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Spotcam’s Video Doorbell 2 Lets You See Who’s Coming and Who’s There


A Video Doorbell Is Today’s Home Security

Video doorbells have become the “killer app” of the household security world. That’s partly because being able to see who’s coming to the front door is sensible, but it’s also a result of all that online shopping that ends up having package after package ending up on the porch. And thanks to the overkill of smartphones, a homeowner no longer has to buy a dedicated video screen to use with the doorbell (or jury rig it to work with a TV). About the only negative being associated with installing one of these video devices is just that — installation. Many feel put off (or scared) about the idea of having to remove an existing doorbell to access the wires that cause a chime to sound when the doorbell’s button is pressed. Of course if there’s no doorbell in the first place then that’s an added negative. So Spotcam’s Video Doorbell 2 has to be lauded for making it easy to physically install because it allows a choice between a “hard” wiring and a battery-driven wire free install.


Where The Video Doorbell Gets It Power

The Video Doorbell 2 doesn’t appear so different than other models to the naked eye — being a vertical black rod with a lens, night-vision LEDs and a ”lit” ring button to press (which can be dimmed). Mounting hardware gives a choice between attaching wires from an existing doorbell and a firm installation (a level is needed because the mount does not allow for easy positioning), and a put on/pull off system for those instead using the rechargeable battery. So before anything else the back panel tab is pulled back so that the micro-USB input can accept enough electricity to full charge it. Now one must decide if local storage is desired, in which case a micro-SD card will be inserted into a slot on the back — Spotcam provides limited free online storage (7 days), but also gives a choice of a number of options through a subscription basis as well as enhanced services.

Installing the doorbell now requires another choice: will the power needed to make the doorbell function come from an existing wired doorbell or, if there is no doorbell or desire to use one, come from the interior rechargeable battery. If the battery, then the same backside where the SD card was inserted will be used with a USB cable to charge the battery. This means that the installation must be done so that the doorbell can be removed. Which it can but it wont be all that often, since the battery should run for about 20-30 days (this depends on the actual use and over the course of a month over 20 days went by (during this time the doorbell was left in a window so it could provide a live view through the app during the day — night vision doesn’t work at all well when having to go through glass as all you see is glare).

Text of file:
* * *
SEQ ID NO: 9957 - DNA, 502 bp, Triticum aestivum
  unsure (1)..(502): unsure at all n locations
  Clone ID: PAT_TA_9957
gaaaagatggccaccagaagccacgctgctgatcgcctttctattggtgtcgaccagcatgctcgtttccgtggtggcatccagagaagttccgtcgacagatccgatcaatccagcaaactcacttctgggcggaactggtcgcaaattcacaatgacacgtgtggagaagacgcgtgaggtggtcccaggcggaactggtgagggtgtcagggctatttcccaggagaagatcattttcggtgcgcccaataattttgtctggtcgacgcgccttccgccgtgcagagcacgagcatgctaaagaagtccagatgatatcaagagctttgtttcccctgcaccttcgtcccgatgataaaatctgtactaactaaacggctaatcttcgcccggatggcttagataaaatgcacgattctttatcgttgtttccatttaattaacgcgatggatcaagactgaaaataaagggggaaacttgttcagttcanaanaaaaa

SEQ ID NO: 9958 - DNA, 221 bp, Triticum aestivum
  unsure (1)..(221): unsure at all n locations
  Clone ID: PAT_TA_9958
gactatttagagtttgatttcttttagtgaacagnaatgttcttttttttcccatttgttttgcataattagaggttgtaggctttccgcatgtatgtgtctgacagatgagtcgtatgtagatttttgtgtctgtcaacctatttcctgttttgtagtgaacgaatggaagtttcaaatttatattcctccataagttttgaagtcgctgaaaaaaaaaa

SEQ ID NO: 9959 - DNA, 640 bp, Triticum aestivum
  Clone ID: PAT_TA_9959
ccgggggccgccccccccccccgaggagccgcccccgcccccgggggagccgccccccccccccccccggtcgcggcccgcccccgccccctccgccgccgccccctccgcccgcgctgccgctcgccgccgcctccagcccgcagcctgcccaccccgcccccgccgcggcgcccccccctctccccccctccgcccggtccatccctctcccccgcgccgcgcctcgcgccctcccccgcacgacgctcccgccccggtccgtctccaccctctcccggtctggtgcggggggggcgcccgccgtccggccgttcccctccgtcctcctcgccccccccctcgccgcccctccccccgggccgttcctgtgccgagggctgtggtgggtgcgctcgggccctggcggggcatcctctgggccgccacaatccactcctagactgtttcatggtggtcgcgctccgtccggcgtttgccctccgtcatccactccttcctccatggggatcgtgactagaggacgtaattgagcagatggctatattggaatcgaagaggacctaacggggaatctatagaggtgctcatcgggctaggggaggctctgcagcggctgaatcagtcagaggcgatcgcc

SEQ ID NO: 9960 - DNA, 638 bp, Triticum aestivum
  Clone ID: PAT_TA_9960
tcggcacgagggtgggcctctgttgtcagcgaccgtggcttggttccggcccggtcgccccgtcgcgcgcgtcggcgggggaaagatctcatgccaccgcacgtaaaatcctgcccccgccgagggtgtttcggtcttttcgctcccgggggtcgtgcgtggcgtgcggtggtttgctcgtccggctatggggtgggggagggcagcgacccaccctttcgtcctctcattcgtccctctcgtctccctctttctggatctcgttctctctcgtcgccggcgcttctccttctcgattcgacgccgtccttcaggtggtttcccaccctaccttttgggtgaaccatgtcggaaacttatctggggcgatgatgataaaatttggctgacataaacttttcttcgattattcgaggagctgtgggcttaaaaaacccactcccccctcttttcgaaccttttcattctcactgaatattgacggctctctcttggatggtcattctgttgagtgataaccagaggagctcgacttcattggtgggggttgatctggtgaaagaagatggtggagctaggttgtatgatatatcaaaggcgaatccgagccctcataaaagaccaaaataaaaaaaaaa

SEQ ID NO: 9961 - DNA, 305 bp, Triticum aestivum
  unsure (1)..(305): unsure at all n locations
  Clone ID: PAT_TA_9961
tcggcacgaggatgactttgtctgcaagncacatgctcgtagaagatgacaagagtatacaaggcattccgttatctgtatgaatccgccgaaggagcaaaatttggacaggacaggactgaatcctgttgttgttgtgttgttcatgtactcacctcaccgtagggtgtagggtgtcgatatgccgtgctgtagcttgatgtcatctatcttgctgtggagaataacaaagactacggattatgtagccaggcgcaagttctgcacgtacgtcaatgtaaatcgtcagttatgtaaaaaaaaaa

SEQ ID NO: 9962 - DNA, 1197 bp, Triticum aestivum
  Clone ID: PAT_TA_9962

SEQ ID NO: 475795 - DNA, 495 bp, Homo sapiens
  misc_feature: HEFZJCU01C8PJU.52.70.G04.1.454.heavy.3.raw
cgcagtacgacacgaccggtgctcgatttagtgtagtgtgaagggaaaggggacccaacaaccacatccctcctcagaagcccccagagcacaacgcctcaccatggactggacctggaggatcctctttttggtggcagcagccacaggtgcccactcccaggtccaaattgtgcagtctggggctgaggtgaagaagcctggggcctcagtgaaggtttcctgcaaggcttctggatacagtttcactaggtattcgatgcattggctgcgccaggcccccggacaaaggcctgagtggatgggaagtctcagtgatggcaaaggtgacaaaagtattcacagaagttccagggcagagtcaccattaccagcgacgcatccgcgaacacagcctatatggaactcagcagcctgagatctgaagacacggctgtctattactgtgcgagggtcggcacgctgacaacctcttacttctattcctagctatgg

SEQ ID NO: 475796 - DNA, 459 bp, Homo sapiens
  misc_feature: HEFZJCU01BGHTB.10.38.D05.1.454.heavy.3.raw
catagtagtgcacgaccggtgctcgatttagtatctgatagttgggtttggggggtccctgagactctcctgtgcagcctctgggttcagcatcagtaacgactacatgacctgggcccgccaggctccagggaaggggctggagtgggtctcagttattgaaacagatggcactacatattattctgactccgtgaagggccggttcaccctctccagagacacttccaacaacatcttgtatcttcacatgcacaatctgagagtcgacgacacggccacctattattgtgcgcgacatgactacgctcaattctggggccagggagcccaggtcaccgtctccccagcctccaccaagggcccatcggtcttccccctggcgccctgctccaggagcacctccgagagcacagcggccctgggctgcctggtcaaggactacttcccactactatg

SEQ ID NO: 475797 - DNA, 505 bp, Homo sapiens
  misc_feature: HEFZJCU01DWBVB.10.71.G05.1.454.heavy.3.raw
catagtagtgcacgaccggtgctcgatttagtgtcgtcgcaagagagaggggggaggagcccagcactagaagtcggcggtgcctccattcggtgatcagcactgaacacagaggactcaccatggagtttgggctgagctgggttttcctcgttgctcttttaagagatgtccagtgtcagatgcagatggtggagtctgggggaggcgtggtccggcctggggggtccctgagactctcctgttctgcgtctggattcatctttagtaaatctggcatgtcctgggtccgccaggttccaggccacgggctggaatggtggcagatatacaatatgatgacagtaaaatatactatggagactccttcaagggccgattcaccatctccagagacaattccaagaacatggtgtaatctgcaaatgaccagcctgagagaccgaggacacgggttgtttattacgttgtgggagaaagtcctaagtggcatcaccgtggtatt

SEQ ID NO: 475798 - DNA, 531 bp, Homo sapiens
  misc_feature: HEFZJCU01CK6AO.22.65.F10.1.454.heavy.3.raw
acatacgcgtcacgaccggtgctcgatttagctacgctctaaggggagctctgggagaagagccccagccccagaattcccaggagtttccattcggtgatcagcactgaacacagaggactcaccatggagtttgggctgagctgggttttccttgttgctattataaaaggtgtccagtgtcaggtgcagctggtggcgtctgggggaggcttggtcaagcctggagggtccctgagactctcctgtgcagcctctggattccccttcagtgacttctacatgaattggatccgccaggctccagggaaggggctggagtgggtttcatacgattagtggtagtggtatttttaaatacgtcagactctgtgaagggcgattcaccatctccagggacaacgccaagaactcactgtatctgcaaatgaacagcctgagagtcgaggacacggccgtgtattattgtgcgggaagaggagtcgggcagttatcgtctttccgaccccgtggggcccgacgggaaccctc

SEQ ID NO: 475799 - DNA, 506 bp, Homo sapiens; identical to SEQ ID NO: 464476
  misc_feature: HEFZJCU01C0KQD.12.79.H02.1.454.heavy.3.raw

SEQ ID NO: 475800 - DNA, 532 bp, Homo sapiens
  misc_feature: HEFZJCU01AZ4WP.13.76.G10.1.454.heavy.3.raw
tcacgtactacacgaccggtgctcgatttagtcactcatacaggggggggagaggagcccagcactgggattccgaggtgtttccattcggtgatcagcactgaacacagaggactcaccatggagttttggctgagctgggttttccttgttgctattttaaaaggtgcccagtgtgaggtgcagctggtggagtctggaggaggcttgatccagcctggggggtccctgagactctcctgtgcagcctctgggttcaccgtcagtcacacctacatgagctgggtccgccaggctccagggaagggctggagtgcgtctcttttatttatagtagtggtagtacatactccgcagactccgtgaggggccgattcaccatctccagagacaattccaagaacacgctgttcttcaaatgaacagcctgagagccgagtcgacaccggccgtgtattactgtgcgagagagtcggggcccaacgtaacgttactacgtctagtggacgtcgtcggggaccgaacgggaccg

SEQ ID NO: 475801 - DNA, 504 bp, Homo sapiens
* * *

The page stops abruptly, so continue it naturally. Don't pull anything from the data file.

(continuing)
What About The Chime?

In the other instance, the power will come from the wired doorbell (that’s what we ended up doing). Once power is cut, wires are attached to the video doorbell and its positioned on the mount that was put on earlier. Unlike where the battery is used, and assuming that cloud storage is being used, the video doorbell can now be permanently affixed using the included mounting supplies.

Another consideration is the WiFi enabled doorbell chime. Spotcam provides a self-contained doorbell which pairs easily to the video doorbell and is plugged into an electrical outlet. It has a test button so you can hear the chime, along with a button for changing the tone. To instead continue to use the existing chime, an accessory must be inserted into the chime’s wiring. We went with that option, and for safety disabled the electrical wiring first (similarly to what was done when the old doorbell was first removed).

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The Set Up and App

Now it’s time to make the video doorbell usable — and should you want to set it up prior to mounting it, go ahead because the battery makes that possible. Using the iOS/Android app, an account is set up and the app then makes the doorbell active using Bluetooth and the WiFi network. This took less than 15 minutes to accomplish and obviously relies on having a reasonably fast WiFi home network (2.4GHz) The app is sensible and simple and provides control over sight and sound and notifications — it’s feature rich but does take a bit of time to get used to. Best part of the app could well be on an iPhone (which is what we have) is that if you leave it suspended, then going to it will have it auto-register so you don’t have to re-enter your name/password. What the app allows for is viewing live video or snapping a picture, getting notifications (email or text or both), triggering motion detection should someone enter into the camera’s field of vision, among others such as voice (two-way audio) and playback of recorded video. Besides the app, a web browser can also be used.

A recent firmware update has sped up the reaction of the doorbell as to sending out a text notice, along with an enhanced audio (full-duplex two-way), voice changing ability (not quite Darth Vader but close) and a voice message function that is a worthwhile addition to its usefulness. These all add to enhancing the overall value of having a video doorbell.

The Video Doorbell 2 doesn’t assume the owner has or wants to have a wired doorbell, which is why the battery power is such a positive addition. Add on all the other features and what you get is a well designed and well functioning alternative to the boring audio-only doorbell. For more details go to


Dianne Ribecca from North Versailles, PA on April 13, 2021:

Good review

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